Another_someone - I don't believe that is the case. As far as I'm aware, the maths says that within the event horizon, spatial & time co-ordinates swap. Therefore space becomes time & vice versa (sort of). So, for any object inside the radius of the event horizon the singularity lies in its future & the event horizon in its past.
I realise that the maths also work "back-to-front" (I forget the scientific term for this) which would allow for backward travel in time; but I don't believe they allow for a sudden flip. Therefore, if the calculations say something is travelling forwards in time, that is the direction in which it must continue.
This seems to me to preclude the possibility of anything emerging from behind the event horizon.



Thanks for the clarification although I use that term loosely.

I have seen mention of that transposition of space and time within a black hole elsewhere, but I do not regard it as exactly intuitive (at least to my diminutive mind), which is why it was not what came to mind when I made my earlier comment.
 

Offline DoctorBeaver

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Re: Black holes are forever?
« Reply #34 on: 05/12/2005 17:32:49 »
quote:
but I do not regard it as exactly intuitive


There's nothing even remotely intuitive about relativity or quantum theory! [xx(]
 

Offline Mad Mark

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Re: Black holes are forever?
« Reply #35 on: 17/12/2005 01:22:26 »
A singularity as expressed as time is 1 to infinty so jump in enjoy the ride and travel to the end of the universe the quick way.

Tomorrow lies outside our universe without it there would be no tomorrow.
 

Offline DoctorBeaver

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Re: Black holes are forever?
« Reply #36 on: 17/12/2005 02:29:19 »
quote:
A singularity as expressed as time is 1 to infinty so jump in enjoy the ride and travel to the end of the universe the quick way.


That sounds very profound but I'm not sure it actually means anything. Can you clarify it please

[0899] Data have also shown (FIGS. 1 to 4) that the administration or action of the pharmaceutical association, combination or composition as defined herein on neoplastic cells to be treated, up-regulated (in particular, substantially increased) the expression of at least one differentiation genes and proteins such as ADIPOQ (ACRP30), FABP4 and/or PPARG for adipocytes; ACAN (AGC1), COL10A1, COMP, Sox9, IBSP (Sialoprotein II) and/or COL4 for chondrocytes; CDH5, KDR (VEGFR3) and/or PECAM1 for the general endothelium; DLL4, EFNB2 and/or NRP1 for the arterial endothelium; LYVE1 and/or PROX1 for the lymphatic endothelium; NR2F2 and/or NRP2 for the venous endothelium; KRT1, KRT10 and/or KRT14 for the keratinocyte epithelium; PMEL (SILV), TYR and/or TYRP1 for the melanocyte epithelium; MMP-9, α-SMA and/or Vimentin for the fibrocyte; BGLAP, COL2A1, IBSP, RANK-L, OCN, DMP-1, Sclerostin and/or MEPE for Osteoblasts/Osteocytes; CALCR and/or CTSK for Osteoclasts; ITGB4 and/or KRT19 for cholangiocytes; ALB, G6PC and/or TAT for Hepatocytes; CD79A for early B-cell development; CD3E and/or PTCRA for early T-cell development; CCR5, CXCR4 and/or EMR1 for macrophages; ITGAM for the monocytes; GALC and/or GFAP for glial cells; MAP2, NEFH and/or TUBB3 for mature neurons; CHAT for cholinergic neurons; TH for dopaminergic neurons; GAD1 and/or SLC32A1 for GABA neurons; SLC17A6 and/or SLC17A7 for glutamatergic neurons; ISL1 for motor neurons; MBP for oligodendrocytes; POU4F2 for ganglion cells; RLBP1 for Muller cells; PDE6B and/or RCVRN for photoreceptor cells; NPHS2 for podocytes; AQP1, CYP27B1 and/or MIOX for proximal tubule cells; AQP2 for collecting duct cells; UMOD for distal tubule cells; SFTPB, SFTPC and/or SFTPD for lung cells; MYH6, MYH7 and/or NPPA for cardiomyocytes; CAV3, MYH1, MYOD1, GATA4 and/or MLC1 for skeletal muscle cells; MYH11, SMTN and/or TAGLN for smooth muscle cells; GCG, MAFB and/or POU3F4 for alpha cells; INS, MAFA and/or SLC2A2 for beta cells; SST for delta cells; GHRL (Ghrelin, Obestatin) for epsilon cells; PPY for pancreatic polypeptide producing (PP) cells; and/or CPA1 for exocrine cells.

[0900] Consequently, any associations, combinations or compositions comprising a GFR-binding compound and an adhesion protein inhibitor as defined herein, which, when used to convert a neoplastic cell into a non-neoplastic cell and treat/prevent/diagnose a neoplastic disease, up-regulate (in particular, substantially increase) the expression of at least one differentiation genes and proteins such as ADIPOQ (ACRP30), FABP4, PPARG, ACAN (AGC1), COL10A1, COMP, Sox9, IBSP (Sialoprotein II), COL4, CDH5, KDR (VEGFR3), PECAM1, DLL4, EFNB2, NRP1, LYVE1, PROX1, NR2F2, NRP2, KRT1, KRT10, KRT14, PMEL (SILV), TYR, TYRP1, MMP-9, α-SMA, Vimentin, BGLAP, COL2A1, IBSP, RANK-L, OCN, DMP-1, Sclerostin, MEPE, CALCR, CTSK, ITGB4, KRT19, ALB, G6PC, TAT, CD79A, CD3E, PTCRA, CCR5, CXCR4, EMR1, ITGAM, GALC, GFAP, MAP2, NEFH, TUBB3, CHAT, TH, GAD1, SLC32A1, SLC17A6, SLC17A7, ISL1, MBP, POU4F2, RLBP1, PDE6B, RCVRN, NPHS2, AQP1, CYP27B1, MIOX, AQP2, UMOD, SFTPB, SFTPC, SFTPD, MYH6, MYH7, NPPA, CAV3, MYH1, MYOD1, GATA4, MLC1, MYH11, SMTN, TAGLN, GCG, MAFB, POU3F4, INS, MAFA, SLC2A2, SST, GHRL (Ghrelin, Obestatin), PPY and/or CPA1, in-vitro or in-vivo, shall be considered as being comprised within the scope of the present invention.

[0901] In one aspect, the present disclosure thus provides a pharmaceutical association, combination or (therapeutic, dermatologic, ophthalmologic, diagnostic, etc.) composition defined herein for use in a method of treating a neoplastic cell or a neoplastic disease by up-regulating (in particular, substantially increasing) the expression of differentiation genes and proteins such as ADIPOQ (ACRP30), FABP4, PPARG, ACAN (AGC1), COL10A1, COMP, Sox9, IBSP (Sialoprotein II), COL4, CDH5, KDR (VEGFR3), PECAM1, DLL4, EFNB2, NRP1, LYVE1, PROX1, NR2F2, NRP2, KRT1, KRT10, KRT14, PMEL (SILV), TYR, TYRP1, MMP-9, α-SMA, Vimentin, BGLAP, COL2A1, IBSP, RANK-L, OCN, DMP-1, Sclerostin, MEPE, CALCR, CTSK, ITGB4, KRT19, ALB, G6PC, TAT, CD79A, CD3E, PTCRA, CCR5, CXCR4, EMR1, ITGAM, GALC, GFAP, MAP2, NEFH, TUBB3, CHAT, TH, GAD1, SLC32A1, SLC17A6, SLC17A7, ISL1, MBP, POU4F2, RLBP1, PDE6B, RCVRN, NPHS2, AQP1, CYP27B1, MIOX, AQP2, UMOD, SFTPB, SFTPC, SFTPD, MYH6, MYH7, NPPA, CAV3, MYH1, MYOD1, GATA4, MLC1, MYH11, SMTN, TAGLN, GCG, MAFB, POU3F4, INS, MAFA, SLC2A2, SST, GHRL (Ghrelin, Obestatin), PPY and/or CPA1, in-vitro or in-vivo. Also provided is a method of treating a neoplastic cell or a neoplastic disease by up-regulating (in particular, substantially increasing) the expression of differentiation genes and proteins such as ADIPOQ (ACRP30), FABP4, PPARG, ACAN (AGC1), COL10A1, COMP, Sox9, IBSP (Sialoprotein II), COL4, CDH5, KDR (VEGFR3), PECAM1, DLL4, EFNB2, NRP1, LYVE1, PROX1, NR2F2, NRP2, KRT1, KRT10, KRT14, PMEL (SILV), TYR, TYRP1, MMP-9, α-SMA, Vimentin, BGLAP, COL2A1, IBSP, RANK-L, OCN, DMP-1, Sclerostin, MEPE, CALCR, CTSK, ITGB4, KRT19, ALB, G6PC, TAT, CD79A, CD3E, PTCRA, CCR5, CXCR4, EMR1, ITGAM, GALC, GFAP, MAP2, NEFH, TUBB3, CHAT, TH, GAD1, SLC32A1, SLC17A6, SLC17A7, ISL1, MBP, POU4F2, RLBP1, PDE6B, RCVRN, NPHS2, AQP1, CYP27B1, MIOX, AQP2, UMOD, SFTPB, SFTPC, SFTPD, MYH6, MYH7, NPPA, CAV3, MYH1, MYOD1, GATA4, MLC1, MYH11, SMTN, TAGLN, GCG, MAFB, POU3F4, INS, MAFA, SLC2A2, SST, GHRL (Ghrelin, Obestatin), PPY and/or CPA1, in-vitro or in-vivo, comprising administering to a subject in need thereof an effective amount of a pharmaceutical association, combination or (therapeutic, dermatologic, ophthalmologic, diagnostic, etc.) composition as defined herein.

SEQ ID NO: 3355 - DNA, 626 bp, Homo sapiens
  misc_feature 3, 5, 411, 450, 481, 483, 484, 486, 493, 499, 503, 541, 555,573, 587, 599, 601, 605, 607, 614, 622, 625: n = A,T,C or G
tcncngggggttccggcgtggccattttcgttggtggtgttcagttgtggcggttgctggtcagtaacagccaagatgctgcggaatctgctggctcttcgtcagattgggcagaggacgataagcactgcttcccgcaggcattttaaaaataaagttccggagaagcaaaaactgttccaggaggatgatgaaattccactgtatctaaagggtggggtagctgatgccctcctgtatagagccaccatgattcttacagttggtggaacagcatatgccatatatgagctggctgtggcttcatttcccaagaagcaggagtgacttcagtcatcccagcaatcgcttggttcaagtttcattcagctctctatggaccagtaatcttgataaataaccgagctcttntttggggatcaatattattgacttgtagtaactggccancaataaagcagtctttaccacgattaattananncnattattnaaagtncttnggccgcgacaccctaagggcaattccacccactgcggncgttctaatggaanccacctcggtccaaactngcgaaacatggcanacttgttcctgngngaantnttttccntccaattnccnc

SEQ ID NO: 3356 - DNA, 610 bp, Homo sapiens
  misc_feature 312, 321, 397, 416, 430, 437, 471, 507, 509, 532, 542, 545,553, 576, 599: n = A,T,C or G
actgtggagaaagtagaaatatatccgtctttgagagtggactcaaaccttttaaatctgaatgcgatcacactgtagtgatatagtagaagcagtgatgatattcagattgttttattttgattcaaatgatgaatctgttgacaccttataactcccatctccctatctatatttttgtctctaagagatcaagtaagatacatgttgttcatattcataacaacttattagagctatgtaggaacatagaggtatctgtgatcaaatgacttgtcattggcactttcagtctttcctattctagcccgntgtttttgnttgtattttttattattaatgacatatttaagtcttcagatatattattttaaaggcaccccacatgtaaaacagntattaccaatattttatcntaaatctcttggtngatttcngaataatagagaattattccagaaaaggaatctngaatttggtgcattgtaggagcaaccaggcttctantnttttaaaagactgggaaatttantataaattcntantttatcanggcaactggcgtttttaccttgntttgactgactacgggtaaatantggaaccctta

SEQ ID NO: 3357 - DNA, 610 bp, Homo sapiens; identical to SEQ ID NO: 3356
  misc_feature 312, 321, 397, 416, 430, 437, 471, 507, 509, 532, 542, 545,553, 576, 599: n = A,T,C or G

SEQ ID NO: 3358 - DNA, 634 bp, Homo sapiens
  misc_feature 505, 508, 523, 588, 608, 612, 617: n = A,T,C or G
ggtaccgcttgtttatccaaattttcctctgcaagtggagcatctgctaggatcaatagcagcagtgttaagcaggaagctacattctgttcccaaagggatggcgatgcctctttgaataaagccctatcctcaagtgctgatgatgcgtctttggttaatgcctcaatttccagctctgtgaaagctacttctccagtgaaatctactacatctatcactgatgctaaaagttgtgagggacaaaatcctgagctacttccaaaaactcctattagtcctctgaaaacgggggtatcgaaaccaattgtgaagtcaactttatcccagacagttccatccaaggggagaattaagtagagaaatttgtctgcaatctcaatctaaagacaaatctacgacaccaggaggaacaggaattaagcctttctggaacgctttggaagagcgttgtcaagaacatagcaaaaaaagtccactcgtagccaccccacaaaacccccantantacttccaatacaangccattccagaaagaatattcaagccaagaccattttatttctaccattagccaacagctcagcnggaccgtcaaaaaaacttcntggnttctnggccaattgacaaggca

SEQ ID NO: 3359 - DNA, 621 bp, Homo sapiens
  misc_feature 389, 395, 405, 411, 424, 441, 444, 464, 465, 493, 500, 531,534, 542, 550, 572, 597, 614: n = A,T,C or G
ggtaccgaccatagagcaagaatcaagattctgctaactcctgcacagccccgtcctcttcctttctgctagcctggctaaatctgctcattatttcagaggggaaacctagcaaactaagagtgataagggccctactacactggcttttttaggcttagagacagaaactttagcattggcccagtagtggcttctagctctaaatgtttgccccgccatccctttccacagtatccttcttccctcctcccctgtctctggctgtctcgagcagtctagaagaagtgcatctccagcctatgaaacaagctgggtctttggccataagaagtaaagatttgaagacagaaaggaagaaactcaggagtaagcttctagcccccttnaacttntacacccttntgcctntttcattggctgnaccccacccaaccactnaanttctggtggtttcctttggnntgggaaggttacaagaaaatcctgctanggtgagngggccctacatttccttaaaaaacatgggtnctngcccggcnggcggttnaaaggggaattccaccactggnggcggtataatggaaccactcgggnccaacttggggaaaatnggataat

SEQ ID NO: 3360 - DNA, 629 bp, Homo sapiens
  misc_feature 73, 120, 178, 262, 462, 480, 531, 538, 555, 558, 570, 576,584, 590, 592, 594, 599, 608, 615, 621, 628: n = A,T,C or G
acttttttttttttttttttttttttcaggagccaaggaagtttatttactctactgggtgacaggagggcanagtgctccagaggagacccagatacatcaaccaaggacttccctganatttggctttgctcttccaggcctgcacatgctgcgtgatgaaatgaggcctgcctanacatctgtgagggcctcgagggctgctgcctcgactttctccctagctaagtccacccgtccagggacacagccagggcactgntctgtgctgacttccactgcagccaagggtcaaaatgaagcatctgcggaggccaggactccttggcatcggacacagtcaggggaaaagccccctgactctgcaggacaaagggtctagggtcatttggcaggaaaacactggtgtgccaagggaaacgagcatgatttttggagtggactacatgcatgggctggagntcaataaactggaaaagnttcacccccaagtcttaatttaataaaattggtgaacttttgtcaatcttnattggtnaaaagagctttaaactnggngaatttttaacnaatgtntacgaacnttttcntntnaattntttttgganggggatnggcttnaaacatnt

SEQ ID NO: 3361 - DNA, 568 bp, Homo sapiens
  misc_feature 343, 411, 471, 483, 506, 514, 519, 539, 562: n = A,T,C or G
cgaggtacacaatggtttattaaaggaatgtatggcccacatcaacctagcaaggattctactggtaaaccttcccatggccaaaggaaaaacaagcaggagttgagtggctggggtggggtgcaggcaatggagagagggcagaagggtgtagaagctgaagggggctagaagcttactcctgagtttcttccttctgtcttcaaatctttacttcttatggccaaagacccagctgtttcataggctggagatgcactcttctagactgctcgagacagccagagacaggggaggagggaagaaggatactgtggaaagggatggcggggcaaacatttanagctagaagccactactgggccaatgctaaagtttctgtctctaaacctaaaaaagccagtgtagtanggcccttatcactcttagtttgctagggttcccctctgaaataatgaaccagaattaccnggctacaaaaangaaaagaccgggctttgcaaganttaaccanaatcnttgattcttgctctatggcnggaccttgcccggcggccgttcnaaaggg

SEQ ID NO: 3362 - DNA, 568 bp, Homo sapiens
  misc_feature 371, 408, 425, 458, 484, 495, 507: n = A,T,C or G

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Re: Black holes are forever?
« Reply #37 on: 03/01/2006 15:42:09 »
quote:
Originally posted by DoctorBeaver

Now that I can go along with - & no succession of event horizons! I'm not enough of a physicist, especially in areas such as Hawking radiation, to know whether or not it's possible.

Another_someone - I don't believe that is the case. As far as I'm aware, the maths says that within the event horizon, spatial & time co-ordinates swap. Therefore space becomes time & vice versa (sort of). So, for any object inside the radius of the event horizon the singularity lies in its future & the event horizon in its past.
I realise that the maths also work "back-to-front" (I forget the scientific term for this) which would allow for backward travel in time; but I don't believe they allow for a sudden flip. Therefore, if the calculations say something is travelling forwards in time, that is the direction in which it must continue.
This seems to me to preclude the possibility of anything emerging from behind the event horizon.



Sorry about coming back to this again after all this time, but I was looking around at various sites on Special Relativity (yes, I know that gravity is about General Relativity, not SR; but as far as the swap between time and space dimensions, it should be the same).

From what I now think I understand, the flip between time and space is a local phenomena (i.e. subject to the frame of  reference of the observer), not an absolute swap.  Thus, if someone who is outside the event horizon is close enough to someone inside the event horizon, the frames of reference of observer to subject should be sufficiently close (i.e. within the light cone see, I can use big words too, just don't ask me what they mean :)) that they would not perceive a time/space swap.  It is only to an observer who is sufficiently far away from the subject that the subject would be outside their light cone that would then see a swap between space and time in the subject's local co-ordinates.
 

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Re: Black holes are forever?
« Reply #37 on: 03/01/2006 15:42:09 »